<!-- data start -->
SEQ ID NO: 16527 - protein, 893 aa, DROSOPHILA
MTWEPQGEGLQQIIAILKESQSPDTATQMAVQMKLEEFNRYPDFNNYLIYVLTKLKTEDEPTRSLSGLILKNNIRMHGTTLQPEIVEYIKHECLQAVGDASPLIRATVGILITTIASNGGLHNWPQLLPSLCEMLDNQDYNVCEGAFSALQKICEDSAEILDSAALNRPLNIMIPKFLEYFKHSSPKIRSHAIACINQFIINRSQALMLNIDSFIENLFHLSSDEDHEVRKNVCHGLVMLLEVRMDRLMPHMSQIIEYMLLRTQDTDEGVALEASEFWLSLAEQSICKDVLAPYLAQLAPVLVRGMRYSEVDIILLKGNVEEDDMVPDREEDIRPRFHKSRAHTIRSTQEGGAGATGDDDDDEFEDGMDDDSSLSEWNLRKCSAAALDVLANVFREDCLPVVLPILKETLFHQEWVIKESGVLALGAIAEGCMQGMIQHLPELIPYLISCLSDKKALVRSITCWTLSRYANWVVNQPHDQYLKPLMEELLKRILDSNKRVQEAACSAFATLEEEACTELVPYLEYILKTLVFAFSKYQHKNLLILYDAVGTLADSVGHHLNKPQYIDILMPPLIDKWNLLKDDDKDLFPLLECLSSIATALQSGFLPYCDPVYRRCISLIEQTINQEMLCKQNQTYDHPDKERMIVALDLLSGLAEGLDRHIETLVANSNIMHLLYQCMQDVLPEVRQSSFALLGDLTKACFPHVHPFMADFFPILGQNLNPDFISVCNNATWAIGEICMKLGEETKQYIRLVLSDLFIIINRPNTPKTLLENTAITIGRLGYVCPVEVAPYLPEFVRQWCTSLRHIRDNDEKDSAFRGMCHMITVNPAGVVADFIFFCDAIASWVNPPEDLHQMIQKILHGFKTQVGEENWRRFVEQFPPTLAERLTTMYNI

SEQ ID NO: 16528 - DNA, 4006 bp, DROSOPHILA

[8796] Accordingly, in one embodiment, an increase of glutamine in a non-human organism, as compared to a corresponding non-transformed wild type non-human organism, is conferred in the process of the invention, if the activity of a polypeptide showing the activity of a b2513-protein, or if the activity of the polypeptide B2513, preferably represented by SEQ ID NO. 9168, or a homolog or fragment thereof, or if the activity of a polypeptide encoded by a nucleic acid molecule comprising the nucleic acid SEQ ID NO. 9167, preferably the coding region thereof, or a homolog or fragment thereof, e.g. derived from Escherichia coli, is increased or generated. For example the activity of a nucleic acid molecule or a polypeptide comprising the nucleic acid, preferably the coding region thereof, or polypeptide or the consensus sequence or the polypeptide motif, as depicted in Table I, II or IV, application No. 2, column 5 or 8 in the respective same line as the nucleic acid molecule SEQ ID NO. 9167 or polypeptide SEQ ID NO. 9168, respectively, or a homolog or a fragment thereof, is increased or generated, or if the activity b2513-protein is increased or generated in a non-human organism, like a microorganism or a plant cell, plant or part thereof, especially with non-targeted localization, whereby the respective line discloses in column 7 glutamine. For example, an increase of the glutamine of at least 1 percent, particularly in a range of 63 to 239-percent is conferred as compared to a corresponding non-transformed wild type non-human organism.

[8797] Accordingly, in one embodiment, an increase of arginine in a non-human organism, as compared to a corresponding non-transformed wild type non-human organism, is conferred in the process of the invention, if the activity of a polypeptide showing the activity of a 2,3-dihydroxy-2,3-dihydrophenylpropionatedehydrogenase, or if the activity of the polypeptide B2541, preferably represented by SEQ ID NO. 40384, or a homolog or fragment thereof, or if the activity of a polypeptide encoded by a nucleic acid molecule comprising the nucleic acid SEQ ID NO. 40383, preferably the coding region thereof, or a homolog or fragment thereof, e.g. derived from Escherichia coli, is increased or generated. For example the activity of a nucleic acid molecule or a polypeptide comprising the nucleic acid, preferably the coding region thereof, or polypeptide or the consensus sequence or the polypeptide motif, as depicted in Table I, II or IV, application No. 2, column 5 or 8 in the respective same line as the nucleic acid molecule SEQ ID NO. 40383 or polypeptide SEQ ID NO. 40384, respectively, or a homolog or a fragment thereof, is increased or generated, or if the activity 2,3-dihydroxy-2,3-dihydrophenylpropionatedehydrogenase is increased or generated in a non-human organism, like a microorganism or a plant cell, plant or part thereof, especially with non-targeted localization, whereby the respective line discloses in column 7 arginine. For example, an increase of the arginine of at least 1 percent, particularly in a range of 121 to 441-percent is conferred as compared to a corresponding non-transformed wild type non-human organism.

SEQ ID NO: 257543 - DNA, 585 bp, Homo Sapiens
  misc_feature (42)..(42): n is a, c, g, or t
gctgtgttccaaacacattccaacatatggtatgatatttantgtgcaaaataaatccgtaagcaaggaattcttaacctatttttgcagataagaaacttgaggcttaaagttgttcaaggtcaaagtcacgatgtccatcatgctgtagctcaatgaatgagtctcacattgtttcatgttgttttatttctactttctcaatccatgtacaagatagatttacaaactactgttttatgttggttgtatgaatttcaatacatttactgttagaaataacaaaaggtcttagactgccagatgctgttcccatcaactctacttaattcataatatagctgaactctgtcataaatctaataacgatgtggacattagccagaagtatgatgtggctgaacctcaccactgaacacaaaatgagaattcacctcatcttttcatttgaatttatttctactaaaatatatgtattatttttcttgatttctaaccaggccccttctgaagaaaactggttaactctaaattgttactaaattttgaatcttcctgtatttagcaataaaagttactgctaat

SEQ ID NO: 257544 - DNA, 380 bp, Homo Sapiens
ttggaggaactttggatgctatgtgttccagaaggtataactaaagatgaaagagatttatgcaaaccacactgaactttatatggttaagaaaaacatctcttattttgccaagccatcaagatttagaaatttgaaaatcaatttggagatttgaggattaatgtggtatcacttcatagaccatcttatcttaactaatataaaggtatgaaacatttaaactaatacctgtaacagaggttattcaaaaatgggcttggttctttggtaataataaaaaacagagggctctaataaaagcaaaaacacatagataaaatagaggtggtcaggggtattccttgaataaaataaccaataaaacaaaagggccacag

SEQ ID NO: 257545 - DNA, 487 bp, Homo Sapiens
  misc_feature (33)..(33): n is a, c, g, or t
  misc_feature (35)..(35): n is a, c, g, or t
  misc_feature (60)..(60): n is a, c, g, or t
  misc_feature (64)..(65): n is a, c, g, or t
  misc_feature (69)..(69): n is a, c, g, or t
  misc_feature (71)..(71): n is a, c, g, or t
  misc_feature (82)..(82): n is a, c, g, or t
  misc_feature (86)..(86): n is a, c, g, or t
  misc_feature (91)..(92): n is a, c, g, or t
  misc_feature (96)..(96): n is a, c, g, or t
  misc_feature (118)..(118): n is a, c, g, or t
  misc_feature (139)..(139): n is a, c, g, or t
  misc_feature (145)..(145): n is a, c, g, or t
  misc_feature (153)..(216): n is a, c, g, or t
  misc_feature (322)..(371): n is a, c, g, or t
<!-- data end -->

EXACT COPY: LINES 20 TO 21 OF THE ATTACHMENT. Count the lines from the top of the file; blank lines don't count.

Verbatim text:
  misc_feature (91)..(92): n is a, c, g, or t
  misc_feature (96)..(96): n is a, c, g, or t